Screening of Afghan refugees in Pakistan begins
PESHAWAR, Pakistan, Aug 6 (Reuters) - Joint teams from the United Nations refugee agency and the Pakistan government began preliminary work on Monday to screen up to 180,000 Afghan refugees languishing in squalid camps in northwestern Pakistan.
"The pre-screening is meant to collect basic information about every family living at the camp," said Greg Lyndon, a team leader for the United Nations High Commissioner for Refugees at Jallozai camp, home to around 70,000 recently arrived Afghans.
The screening comes under a landmark agreement signed between the UNHCR and Islamabad last week, after months of wrangling over the status of the Afghans fleeing drought and long conflict.
During the initial stages families in Jallozai and nearby Nasir Bagh camps outside Peshawar will be registered and informed of their choices.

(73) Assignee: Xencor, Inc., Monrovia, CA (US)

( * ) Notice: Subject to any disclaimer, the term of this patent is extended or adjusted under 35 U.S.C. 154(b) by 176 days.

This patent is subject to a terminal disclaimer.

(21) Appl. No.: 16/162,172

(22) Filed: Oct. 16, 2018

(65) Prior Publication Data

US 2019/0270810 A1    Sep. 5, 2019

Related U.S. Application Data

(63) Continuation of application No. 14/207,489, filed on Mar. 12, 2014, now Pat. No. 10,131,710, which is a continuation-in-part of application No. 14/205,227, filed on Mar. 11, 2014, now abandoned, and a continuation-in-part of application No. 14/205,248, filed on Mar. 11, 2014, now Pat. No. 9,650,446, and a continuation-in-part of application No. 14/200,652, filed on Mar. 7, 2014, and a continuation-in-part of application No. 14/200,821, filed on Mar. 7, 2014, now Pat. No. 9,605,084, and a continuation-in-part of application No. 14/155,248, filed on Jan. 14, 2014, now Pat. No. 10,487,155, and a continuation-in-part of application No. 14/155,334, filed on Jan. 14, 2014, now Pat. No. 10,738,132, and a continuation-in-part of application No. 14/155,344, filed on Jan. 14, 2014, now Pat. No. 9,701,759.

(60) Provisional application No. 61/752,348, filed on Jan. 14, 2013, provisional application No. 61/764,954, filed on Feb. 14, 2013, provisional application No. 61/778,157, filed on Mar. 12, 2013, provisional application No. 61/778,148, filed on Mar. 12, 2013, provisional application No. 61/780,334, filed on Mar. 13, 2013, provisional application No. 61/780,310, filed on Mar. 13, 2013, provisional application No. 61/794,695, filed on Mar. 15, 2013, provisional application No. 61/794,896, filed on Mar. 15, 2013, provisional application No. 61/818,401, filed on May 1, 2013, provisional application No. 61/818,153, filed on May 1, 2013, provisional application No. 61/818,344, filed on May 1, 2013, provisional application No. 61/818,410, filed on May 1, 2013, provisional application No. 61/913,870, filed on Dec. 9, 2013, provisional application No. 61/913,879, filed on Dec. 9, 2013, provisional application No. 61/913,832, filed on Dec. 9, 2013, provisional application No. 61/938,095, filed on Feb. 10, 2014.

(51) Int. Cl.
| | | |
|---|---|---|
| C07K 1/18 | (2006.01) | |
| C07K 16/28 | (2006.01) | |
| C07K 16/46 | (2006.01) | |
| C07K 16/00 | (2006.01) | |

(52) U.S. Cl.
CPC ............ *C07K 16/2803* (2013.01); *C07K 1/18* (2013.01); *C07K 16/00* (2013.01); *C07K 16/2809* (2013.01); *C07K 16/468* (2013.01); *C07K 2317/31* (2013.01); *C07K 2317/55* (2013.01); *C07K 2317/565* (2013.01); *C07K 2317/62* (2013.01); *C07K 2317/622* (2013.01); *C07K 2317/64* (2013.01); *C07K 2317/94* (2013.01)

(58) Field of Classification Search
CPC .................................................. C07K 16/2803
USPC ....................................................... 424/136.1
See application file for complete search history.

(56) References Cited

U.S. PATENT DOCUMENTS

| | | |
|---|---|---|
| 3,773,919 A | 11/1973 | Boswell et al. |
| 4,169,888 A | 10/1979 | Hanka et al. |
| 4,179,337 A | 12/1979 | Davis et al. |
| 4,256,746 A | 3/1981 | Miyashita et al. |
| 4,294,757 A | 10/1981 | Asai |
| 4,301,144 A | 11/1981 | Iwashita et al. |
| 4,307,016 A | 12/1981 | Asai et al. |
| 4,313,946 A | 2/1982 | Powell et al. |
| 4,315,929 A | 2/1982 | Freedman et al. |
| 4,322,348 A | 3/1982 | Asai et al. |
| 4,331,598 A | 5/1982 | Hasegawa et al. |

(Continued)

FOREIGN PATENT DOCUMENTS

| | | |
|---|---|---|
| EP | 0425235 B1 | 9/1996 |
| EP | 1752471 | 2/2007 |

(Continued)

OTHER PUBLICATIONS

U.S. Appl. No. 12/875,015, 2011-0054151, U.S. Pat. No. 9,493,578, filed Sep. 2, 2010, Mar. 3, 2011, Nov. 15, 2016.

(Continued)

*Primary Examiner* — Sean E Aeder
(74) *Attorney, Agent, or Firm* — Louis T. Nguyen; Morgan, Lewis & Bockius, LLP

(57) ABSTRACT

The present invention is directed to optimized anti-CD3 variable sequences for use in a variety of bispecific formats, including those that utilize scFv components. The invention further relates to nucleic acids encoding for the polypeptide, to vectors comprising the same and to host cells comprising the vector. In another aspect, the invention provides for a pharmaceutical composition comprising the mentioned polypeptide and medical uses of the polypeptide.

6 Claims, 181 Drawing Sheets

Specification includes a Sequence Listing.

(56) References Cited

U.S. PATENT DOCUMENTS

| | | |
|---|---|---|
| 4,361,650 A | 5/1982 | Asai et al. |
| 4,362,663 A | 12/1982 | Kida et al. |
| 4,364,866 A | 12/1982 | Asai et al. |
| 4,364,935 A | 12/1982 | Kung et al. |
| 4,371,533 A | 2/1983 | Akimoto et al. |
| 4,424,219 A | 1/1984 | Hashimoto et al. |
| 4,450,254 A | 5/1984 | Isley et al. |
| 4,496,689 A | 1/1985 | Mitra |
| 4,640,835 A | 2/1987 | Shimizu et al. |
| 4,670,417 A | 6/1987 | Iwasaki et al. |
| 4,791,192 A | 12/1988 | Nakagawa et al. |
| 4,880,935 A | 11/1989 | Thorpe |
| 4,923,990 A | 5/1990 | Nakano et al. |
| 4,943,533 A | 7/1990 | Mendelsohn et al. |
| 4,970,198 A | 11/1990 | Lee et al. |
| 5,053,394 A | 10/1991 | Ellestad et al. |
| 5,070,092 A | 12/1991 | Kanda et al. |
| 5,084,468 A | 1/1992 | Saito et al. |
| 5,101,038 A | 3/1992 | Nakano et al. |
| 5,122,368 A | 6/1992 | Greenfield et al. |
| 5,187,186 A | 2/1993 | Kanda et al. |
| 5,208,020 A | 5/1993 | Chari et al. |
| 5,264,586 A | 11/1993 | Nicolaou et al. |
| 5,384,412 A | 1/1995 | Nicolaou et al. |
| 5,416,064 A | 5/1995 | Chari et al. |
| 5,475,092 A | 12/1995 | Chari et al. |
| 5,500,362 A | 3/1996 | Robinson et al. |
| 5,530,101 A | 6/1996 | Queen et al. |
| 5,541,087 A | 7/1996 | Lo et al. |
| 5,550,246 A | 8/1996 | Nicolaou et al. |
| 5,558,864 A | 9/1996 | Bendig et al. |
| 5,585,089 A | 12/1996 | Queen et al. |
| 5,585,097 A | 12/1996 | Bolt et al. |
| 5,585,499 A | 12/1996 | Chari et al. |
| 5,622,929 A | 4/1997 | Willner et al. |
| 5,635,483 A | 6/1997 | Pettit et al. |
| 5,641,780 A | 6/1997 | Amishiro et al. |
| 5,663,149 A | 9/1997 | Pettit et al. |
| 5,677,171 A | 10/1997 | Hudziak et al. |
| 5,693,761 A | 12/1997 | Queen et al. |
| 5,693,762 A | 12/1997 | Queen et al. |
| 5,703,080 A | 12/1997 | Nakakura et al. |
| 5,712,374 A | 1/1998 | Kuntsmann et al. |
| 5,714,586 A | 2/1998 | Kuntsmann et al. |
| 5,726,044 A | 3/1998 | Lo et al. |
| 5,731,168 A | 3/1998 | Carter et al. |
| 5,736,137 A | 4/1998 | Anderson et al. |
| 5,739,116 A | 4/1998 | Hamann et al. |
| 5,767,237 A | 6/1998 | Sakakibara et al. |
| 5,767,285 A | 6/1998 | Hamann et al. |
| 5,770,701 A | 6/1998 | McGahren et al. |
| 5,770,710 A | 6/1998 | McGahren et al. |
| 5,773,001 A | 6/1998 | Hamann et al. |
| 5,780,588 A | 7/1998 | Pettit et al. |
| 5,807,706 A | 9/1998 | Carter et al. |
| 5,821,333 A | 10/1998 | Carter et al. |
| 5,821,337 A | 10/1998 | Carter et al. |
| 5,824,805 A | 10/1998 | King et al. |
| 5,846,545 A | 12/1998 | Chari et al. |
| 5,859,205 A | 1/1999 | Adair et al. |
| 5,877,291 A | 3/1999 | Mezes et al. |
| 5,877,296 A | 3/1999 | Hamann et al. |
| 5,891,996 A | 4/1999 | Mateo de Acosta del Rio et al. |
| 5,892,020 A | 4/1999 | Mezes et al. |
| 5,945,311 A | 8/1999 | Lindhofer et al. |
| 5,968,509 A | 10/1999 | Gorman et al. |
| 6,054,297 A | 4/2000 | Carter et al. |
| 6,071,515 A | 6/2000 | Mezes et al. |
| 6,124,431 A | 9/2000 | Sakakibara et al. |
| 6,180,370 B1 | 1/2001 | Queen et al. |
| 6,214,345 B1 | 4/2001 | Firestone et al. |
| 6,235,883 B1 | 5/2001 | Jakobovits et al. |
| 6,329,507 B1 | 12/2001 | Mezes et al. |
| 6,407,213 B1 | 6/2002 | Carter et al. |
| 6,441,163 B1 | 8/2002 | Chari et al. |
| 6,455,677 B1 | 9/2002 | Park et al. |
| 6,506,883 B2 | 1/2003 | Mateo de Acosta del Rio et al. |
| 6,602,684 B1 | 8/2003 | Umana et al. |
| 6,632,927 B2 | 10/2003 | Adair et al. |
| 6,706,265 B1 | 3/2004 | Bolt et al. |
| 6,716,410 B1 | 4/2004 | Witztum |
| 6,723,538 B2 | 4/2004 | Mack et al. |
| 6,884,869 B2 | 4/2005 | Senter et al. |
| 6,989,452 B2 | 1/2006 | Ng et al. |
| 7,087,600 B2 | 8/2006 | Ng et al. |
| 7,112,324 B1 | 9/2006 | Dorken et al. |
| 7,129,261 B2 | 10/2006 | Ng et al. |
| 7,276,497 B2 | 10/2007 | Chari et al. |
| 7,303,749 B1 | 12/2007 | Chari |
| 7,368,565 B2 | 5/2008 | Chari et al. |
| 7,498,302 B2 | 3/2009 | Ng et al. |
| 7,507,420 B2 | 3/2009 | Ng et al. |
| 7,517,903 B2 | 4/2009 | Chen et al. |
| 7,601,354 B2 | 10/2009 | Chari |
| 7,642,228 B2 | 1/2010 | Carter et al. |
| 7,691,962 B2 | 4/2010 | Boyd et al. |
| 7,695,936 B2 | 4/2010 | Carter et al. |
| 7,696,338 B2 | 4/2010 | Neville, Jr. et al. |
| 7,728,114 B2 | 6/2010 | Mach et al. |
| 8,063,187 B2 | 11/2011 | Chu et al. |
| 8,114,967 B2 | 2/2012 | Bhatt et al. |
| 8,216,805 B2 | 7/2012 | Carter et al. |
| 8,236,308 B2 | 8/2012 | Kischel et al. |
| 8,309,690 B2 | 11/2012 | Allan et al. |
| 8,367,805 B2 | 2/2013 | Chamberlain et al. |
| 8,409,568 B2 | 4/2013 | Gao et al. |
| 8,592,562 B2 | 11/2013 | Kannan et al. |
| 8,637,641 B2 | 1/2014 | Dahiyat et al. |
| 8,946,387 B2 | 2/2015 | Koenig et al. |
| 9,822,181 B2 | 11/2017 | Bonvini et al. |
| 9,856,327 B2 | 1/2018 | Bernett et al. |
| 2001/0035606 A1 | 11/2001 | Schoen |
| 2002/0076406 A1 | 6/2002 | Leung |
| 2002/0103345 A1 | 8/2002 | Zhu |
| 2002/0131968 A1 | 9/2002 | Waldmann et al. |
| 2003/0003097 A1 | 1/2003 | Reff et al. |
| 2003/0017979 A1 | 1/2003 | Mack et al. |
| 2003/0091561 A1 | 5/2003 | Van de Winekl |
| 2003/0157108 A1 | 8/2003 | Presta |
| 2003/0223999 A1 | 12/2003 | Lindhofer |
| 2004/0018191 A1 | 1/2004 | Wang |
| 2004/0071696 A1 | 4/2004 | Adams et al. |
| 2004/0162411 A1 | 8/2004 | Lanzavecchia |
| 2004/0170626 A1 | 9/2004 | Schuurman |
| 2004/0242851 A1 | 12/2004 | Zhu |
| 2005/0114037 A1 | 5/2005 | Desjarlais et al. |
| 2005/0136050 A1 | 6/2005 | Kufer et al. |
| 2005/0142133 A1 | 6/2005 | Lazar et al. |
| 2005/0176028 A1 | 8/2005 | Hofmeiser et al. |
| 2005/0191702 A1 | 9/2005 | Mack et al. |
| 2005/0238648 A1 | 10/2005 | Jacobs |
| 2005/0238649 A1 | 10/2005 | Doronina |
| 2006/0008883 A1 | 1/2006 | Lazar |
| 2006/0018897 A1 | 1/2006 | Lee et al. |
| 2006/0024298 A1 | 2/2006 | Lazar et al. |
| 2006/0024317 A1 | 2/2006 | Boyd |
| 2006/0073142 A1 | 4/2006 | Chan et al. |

Those eventually determined to be refugees will receive international assistance and protection and be permitted to stay in Pakistan, while those screened out will be returned to Afghanistan.
Under the full screening, due to start in two to three weeks, detailed interviews will be conducted with family heads.
The UNHCR's Lyndon said 266 family heads in Jallozai were called for pre-screening on Monday. But people said whatever happened they could not return to Afghanistan.
"I've no intention to go back to my village as it is right on the front line," said Tajun Nisa, a mother of seven whose husband was paralysed several years ago.
She said her family left their village in Khawajaghar district of the northern Takhar province after homes were damaged seven months ago by fighters from both the ruling Taliban and the opposition Northern Alliance.
"If you throw people from Takhar back across (the Afghan) border 20 times, they would always come back," said Nisa, adding life in the area was impossible.
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